Kongsberg Maritime has signed a contract with China Merchants Jinling Shipyard (Weihai) to provide propulsion and manoeuvring system for two roll-on, roll-off passenger (RoPax) vessels under construction for Finnlines.
The two 230m-long vessels will be deployed in the Baltic Sea by 2023 after they are delivered. The vessels can accommodate 1,212 passengers.
Under the €12m contract, Kongsberg Maritime will be responsible for the installation of the system on the vessels.
The vessels are being constructed to meet the highest Swedish/Finnish ice-class (1A Super) requirements.
They feature a twin shaft line propulsion system that is powered by four main engines.
As per the system proposed by Kongsberg Maritime, the vessels will be able to operate at two-speed profiles: 19k with four engines running or at 16k with two engines running.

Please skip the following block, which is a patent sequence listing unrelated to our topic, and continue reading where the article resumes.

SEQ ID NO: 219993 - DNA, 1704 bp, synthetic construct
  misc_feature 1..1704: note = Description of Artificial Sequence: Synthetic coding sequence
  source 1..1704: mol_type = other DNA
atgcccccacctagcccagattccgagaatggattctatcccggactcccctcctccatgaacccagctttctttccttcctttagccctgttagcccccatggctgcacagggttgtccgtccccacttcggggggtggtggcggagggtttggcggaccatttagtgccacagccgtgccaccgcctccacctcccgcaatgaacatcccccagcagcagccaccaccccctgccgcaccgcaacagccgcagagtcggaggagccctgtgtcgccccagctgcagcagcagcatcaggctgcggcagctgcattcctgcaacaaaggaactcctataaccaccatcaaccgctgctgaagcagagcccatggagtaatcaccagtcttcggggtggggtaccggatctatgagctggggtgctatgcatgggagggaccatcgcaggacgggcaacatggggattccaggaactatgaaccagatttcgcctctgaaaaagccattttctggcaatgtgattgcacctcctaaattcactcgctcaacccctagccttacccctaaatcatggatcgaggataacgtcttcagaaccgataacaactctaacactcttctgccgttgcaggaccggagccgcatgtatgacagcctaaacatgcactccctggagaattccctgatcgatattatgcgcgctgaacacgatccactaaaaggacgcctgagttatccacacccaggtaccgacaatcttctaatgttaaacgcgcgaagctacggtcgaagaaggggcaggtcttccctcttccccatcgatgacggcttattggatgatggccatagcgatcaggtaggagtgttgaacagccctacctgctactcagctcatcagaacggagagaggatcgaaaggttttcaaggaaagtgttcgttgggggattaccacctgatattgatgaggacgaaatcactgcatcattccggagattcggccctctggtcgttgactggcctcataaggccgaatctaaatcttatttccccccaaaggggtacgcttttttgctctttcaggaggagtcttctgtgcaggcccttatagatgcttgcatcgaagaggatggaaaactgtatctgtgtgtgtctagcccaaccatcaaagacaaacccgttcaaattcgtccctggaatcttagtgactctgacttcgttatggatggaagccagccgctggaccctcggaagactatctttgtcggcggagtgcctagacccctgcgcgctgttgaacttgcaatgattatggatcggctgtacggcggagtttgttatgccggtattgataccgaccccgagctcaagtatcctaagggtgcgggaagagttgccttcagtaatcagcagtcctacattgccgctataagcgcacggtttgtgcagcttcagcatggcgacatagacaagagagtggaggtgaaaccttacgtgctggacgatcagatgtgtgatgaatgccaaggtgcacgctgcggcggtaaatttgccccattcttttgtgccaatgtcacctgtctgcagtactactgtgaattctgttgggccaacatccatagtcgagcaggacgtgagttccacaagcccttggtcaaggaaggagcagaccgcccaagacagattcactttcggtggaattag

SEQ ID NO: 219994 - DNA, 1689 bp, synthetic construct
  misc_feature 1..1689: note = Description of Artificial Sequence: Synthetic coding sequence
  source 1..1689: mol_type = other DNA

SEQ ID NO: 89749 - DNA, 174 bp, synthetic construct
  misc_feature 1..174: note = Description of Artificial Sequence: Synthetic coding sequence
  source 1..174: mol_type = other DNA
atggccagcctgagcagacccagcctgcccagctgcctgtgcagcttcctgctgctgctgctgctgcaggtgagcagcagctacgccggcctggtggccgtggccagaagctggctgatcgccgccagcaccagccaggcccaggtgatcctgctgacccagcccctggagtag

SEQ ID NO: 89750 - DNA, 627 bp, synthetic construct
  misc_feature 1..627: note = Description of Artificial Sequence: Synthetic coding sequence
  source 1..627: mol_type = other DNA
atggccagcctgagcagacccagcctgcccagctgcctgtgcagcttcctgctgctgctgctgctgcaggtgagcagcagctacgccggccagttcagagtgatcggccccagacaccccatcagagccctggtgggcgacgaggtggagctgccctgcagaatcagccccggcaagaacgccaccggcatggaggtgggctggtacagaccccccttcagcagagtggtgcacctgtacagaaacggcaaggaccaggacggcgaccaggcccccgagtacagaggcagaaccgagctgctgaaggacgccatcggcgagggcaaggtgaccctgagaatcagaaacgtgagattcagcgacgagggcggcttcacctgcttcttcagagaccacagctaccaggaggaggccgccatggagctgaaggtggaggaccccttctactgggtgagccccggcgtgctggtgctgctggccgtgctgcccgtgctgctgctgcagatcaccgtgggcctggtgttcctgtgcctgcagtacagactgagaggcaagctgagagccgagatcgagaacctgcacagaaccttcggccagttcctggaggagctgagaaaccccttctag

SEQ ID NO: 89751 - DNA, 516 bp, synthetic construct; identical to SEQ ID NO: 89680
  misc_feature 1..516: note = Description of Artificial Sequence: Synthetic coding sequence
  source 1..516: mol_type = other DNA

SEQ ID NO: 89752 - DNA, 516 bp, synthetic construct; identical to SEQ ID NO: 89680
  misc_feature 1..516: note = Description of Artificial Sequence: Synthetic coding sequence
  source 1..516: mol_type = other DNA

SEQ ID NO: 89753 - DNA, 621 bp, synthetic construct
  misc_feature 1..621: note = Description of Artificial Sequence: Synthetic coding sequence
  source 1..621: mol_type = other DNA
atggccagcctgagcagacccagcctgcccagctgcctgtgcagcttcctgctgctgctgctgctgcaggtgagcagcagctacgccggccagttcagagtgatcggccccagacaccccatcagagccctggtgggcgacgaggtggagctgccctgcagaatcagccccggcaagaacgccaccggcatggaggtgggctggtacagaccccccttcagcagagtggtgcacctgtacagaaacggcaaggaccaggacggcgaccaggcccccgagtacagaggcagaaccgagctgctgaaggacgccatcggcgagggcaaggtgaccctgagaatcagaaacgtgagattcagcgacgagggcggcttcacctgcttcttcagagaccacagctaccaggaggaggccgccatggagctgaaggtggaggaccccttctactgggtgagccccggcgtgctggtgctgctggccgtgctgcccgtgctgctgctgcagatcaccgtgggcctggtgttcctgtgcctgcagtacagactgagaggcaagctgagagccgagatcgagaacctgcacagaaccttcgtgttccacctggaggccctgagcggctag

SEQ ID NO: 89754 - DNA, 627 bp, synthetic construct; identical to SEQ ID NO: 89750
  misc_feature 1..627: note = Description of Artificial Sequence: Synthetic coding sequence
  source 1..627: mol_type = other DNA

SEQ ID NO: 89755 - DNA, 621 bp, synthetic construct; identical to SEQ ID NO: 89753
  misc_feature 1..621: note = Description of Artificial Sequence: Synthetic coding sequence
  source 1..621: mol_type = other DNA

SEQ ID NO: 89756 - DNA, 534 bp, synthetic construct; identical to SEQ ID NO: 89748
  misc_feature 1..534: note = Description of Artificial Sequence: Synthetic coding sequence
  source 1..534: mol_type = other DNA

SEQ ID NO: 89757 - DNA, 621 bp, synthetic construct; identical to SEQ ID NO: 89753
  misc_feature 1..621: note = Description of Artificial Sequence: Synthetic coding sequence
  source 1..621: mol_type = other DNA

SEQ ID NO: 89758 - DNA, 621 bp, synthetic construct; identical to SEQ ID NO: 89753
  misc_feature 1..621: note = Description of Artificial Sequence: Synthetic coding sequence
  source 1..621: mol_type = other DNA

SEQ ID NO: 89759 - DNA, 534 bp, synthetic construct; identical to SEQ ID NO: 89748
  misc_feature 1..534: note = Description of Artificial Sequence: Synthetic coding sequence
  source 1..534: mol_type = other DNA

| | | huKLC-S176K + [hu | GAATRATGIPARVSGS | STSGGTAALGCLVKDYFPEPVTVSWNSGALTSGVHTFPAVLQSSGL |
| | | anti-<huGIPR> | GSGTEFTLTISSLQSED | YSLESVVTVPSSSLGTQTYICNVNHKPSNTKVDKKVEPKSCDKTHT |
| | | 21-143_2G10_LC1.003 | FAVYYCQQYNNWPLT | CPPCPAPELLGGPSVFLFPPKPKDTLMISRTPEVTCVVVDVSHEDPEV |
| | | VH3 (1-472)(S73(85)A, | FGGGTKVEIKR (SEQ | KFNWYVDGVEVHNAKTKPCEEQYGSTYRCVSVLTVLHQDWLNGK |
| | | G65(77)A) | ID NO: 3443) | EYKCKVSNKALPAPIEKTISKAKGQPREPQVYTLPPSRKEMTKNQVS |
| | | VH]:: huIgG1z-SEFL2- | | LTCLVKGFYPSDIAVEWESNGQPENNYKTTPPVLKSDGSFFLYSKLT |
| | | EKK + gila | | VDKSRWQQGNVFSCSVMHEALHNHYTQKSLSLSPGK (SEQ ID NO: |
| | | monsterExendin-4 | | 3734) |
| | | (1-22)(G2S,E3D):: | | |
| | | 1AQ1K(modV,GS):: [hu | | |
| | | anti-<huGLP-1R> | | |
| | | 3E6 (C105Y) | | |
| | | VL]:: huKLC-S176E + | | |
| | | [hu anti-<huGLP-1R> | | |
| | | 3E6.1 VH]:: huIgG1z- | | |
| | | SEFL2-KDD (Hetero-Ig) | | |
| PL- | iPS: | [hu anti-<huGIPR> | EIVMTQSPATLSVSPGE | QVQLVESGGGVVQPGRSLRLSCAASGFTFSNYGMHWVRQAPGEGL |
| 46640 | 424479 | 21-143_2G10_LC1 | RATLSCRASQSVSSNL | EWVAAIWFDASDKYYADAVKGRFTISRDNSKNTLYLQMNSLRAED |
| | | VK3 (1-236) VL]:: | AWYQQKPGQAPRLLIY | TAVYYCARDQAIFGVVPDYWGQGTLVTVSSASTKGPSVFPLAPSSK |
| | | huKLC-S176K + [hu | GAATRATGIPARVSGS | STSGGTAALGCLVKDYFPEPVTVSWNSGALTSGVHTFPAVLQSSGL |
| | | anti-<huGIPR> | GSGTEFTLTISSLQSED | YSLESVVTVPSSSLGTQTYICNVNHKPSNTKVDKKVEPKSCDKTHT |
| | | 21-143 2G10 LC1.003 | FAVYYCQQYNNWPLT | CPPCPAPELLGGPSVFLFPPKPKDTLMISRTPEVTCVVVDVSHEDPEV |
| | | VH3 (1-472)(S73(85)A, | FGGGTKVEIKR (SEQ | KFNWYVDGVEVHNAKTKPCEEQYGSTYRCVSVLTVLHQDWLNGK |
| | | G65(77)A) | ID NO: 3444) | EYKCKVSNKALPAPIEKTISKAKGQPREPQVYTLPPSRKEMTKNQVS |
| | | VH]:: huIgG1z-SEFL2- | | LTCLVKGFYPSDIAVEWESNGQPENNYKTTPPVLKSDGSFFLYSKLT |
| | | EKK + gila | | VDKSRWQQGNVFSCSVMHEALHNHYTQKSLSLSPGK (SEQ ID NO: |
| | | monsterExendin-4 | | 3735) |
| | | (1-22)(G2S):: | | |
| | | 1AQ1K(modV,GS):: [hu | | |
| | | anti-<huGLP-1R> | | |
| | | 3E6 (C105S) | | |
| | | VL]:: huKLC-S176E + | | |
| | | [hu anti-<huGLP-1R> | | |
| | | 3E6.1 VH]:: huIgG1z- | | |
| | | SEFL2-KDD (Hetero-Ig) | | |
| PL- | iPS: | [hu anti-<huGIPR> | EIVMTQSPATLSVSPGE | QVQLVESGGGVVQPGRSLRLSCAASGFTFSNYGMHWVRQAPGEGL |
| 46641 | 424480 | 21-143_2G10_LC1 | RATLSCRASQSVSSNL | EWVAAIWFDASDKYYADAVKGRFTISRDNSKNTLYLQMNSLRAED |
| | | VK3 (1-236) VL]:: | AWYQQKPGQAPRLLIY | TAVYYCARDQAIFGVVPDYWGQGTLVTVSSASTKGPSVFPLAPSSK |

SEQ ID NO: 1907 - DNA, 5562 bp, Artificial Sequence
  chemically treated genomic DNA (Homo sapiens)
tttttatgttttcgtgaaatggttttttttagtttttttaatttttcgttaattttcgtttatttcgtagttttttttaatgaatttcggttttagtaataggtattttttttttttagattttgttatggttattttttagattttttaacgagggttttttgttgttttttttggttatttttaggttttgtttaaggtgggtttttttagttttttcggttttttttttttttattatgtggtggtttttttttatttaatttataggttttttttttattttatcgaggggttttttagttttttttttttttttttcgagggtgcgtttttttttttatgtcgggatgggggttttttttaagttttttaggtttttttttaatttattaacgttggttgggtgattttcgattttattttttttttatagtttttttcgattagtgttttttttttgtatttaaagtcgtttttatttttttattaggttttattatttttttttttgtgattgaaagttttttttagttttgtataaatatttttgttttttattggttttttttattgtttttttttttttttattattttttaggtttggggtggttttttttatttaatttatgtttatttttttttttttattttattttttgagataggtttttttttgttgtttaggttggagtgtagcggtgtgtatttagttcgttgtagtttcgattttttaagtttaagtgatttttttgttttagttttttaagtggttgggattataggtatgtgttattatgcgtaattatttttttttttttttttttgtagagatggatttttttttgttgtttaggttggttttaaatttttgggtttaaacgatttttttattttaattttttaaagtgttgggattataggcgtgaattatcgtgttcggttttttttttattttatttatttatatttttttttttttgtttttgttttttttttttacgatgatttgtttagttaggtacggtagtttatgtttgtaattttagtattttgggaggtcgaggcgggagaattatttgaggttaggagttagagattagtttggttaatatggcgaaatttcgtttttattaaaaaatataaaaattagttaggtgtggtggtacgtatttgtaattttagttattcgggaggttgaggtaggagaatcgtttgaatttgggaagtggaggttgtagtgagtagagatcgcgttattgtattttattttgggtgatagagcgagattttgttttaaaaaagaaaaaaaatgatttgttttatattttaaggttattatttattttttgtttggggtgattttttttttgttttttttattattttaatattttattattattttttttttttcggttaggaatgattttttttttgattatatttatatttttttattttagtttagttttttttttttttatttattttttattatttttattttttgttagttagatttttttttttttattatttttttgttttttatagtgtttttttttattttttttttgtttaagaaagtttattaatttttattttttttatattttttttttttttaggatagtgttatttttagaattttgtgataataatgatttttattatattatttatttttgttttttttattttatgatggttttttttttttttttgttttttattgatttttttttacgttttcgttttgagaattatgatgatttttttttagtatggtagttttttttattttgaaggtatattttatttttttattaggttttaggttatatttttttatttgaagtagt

This will be enabled using a two-speed gearbox solution, which increases the propulsion efficiency by around 3% compared to a single-speed gearbox.
Furthermore, the controllable pitch propellers (CPPs) provided by Kongsberg also increase efficiency.
The integration of the propeller and rudder in one system optimises hydrodynamic performance, increases thrust and reduces drag, which reduces emissions.
Along with a ‘twisted’ rudder design, which can increase manoeuvrability, the twin-screw vessels are expected to achieve up to 6% in efficiency gains.
China Merchants Jinling Shipyard (Weihai) vice GM Weisong Ni said: “These vessels are being built to the highest standards for use in the sensitive environment of the Baltic Sea, so it is vital that we make every effort to choose technologies that ensure they will operate as sustainably as possible.
“Kongsberg’s propulsion and manoeuvring system will help ensure that the vessels minimise fuel usage and emissions, whilst at the same time assisting manoeuvrability, often a crucial consideration for passenger ferries, which may dock several times every day.”
Last month, Kongsberg Maritime, along with Kongsberg Wilhelmsen joint venture Massterly, signed a contract with Norwegian company ASKO to install autonomous technology on two vessels.